Disclosure: This post sponsored by Home Depot. All opinions are 100% our own.
Why buy a king headboard when you can DIY it? Build this mid-century modern DIY headboard using our easy-to-follow tutorial. Do it cheaper, better (higher quality), and make it any color you like.
Skills Required: Intermediate. You have to be able to use a miter saw, table saw, sander, drill, planer, and possibly a router. You’ll be doing some gluing and screwing and lots of measuring. This is not a hard project, but it can take time, especially given the clean lines that a DIY wood headboard demands!
If you saw our DIY platform bed frame, you might be wondering how to make a headboard that goes with it. Well today is your lucky day – this is the tutorial! This king headboard can obviously be modified to any size. We’ll leave that up to you.
Our inspiration for this DIY wood headboard was mid-century modern design. We love original pieces like this one that are made with various sizes and layers of awesome teak. While we didn’t use teak for this project, we did use the mid-century modern era for our king headboard inspiration. The different layers and thicknesses of wood give this project a really unique look.
How to Make a Headboard
Tools and Hardware
- Ryobi Compound Miter Saw with Laser
- Ryobi Table Saw
- Ryobi Belt Sander
- Ryobi Router with bits (optional, see step 4)
- Ryobi Drill with bits
- Wood – as specified on cut list below
- Wood glue – we recommend Titebond III
- Wood screws – 1 1/4″ length (about 24 – 30)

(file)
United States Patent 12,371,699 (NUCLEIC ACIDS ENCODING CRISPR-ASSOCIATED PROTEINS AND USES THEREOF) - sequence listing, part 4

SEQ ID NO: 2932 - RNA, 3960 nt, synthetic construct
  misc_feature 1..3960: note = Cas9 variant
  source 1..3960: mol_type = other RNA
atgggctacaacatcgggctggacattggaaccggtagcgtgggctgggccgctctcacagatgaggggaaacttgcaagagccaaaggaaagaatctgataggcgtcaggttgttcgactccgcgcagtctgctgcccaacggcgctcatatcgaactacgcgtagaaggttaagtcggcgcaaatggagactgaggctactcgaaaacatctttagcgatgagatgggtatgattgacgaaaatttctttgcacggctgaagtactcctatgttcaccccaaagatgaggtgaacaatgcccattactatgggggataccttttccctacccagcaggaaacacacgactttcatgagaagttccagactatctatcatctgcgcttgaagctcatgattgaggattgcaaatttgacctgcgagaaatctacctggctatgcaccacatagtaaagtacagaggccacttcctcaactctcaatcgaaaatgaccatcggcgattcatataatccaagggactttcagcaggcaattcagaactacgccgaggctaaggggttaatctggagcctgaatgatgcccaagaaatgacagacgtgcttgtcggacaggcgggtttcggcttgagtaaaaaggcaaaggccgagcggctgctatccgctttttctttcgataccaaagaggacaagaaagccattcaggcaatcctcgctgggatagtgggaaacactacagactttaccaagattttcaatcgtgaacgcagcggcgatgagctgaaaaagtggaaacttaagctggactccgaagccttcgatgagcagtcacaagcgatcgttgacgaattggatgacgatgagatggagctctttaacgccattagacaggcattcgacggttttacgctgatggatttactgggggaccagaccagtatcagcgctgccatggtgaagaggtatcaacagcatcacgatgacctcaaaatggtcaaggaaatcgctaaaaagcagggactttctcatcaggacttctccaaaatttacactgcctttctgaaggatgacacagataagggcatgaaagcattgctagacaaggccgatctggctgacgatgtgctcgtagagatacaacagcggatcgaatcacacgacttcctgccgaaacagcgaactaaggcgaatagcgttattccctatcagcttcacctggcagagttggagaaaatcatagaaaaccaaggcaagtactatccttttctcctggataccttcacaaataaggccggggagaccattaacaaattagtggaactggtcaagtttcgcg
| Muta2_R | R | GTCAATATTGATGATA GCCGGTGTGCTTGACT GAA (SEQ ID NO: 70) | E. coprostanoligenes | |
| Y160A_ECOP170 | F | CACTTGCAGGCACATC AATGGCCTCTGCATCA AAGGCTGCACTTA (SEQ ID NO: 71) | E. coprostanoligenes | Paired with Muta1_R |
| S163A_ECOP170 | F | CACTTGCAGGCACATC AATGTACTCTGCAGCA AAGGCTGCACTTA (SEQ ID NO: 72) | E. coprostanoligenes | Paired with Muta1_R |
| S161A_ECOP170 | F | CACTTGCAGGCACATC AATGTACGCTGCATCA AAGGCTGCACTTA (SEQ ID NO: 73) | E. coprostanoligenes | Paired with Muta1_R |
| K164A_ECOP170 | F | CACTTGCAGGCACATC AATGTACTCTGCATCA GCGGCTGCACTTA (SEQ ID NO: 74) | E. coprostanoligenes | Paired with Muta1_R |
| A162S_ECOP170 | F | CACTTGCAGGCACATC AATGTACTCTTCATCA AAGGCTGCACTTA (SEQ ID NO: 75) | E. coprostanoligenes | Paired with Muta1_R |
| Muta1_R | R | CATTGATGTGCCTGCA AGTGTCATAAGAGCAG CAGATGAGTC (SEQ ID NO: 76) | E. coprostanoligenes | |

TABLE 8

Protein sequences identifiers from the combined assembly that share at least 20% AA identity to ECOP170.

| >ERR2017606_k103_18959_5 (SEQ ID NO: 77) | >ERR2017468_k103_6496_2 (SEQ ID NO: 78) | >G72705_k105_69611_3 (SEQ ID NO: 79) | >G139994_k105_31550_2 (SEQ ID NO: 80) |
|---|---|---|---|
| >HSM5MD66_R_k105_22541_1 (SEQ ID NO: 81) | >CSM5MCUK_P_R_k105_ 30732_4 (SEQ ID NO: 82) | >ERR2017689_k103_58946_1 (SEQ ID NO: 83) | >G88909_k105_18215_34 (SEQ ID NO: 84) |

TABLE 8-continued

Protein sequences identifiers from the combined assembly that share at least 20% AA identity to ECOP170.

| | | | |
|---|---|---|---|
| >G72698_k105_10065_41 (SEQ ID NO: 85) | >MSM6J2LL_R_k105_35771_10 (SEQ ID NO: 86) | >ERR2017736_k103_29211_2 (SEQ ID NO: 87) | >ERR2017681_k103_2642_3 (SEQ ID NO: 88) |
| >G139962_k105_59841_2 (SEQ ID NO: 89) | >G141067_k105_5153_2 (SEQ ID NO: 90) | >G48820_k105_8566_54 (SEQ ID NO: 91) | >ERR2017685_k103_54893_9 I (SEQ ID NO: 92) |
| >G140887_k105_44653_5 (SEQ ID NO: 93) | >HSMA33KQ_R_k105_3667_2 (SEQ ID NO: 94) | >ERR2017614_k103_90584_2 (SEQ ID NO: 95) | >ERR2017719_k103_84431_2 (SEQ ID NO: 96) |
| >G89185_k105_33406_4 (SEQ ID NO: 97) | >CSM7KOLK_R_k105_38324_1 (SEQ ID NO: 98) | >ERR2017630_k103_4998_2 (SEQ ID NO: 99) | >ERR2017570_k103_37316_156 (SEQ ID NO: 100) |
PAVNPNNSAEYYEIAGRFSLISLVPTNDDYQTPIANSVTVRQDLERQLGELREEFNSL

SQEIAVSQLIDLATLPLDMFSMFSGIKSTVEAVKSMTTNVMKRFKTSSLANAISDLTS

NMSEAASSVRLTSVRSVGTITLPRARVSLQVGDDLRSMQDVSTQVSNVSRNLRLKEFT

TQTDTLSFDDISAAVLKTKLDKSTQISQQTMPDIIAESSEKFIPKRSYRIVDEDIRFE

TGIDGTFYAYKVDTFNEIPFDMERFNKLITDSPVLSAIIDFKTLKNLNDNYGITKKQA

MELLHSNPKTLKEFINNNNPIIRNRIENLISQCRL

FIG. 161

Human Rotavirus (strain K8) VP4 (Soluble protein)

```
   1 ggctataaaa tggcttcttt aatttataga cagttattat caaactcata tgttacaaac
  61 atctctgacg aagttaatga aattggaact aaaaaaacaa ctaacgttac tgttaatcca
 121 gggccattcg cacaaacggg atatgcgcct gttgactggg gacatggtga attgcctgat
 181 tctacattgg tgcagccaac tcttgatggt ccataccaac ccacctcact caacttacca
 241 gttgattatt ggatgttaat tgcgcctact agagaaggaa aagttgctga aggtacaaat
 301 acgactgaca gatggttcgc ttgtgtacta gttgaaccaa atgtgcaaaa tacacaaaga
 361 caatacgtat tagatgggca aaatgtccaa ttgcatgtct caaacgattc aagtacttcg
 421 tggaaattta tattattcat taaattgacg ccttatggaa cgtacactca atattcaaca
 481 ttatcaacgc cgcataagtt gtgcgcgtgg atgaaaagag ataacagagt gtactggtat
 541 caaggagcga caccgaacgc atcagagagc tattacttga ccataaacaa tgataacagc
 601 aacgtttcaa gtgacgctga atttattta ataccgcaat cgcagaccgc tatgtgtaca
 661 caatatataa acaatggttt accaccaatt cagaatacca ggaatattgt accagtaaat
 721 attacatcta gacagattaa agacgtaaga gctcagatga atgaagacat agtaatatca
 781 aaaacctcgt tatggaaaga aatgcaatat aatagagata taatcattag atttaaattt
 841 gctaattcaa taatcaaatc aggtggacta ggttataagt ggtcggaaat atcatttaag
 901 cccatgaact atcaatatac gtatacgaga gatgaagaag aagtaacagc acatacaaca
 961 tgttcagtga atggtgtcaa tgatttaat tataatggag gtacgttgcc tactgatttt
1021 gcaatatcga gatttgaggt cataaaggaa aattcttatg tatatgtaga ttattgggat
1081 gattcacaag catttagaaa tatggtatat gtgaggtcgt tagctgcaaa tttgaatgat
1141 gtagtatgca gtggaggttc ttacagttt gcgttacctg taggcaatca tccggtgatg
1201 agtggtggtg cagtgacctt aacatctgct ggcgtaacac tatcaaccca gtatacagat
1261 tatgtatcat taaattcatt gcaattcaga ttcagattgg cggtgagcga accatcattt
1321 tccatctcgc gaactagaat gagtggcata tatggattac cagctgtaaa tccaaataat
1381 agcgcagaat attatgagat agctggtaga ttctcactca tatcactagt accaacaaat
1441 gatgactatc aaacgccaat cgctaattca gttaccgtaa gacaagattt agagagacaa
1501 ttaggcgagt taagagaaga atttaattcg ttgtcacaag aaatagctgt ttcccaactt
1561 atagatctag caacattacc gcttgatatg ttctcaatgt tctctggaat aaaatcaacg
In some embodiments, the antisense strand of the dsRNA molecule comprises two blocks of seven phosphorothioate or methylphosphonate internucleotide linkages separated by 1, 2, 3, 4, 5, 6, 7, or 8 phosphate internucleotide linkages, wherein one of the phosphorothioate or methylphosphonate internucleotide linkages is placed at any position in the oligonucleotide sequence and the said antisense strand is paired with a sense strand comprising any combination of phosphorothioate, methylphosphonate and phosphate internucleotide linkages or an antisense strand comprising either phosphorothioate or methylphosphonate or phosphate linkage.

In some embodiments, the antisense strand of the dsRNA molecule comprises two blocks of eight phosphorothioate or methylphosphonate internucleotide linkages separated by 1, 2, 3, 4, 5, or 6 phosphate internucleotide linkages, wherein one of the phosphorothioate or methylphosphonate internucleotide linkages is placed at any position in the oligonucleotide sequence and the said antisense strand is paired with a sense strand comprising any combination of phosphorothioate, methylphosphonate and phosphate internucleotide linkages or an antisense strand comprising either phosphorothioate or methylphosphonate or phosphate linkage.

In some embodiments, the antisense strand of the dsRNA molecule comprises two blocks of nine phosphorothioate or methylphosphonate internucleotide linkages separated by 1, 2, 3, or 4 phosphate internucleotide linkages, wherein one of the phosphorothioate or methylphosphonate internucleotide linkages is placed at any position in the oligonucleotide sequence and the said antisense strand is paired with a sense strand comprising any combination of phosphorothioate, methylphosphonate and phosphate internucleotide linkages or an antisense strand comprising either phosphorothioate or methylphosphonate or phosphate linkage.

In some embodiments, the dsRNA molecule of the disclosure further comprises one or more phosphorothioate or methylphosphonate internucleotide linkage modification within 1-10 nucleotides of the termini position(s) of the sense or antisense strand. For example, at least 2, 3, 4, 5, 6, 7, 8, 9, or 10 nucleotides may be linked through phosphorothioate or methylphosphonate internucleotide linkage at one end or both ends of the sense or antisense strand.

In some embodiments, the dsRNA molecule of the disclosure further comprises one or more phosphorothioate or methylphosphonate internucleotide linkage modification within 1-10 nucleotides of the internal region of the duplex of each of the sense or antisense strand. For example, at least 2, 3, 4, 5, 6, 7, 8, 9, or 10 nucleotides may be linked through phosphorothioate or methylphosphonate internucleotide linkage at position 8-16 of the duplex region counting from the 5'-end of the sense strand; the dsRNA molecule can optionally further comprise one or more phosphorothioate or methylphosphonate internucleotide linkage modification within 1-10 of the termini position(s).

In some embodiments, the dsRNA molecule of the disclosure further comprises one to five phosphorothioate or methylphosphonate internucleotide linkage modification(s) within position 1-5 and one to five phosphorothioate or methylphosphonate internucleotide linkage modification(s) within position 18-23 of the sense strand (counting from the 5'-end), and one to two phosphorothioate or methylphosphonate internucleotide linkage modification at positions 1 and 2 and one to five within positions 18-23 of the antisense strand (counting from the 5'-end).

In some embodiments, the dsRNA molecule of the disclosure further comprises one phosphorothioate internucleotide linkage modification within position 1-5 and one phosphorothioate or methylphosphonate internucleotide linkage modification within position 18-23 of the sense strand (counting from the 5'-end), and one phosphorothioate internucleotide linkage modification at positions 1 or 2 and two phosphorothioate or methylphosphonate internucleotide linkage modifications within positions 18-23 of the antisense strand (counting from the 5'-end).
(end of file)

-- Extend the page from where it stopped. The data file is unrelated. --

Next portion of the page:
- Measuring tape
- Support pieces (see step 1; you may be able to use scraps)
- 1 – 1″ x 6″ x 8′ board trimmed to two 1” x 5 ½” x 37” lengths (mounting boards)
- 2 – 1″ x 2″ x 8′ boards trimmed to 1″ x 1/2″ x 84 3/8″ each
- 1 – 1″ x 2″ x 8″ board trimmed to two 1″ x 1/2″ x 25 1/4″ lengths
- 2 – 1/4″ x 2′ x 4′ oak plywood pieces trimmed to 41 ⅜” x 23 ¾”
- Boards to use for the mosaic area (see steps 11 & 12) – we used six (5) 1″ x 4″ x 8′ boards
- 3 – 2 ½” x ¼” x 24” pieces of finished oak trimmed to 2 ½” x ¼” x 23 ½” (1/2″ cut off one end)
*if you are a newbie woodworker, remember that wood sizes are given as the cut from a log. For example, a 2″ x 4″ is cut that size, from a rough log but then it dries smaller (around 1.5″ x 3.5″). So your EXACT measurements may vary, though they will be close.
Wood and Where to Purchase
We purchased poplar for our king headboard from Home Depot, which is also where we got our Ryobi Tools. We wanted a hard wood that was easy to work with, and we like the grain. Our cost for this DIY wood headboard was about $200, but you could reduce the cost by using a less expensive wood.
Mid Century Modern DIY Headboard
Just to give you a preview of how this DIY wood headboard comes together, you’ll start by making support pieces for the bed, which you might have to alter a bit if you are attaching this DIY headboard to something different.
Then you’ll make a frame out of popular, and cut plywood that you’ll glue within the frame as your backer. That all gets glued together and then wood pieces are cut and glued to make your mosaic on the front.
Let’s jump right into this DIY wood headboard tutorial!
Step 1: These triangle pieces were left over from the corner braces of our platform bed. If you completed that project, you might have ten (10) of these triangles, which is what you need.
If you didn’t complete that project, you’ll want to fashion mounting pieces using this method or a similar method IF your bed frame requires them. The way you attach your DIY headboard might differ if you didn’t build the same platform bed, so read through the entire tutorial before making any support pieces.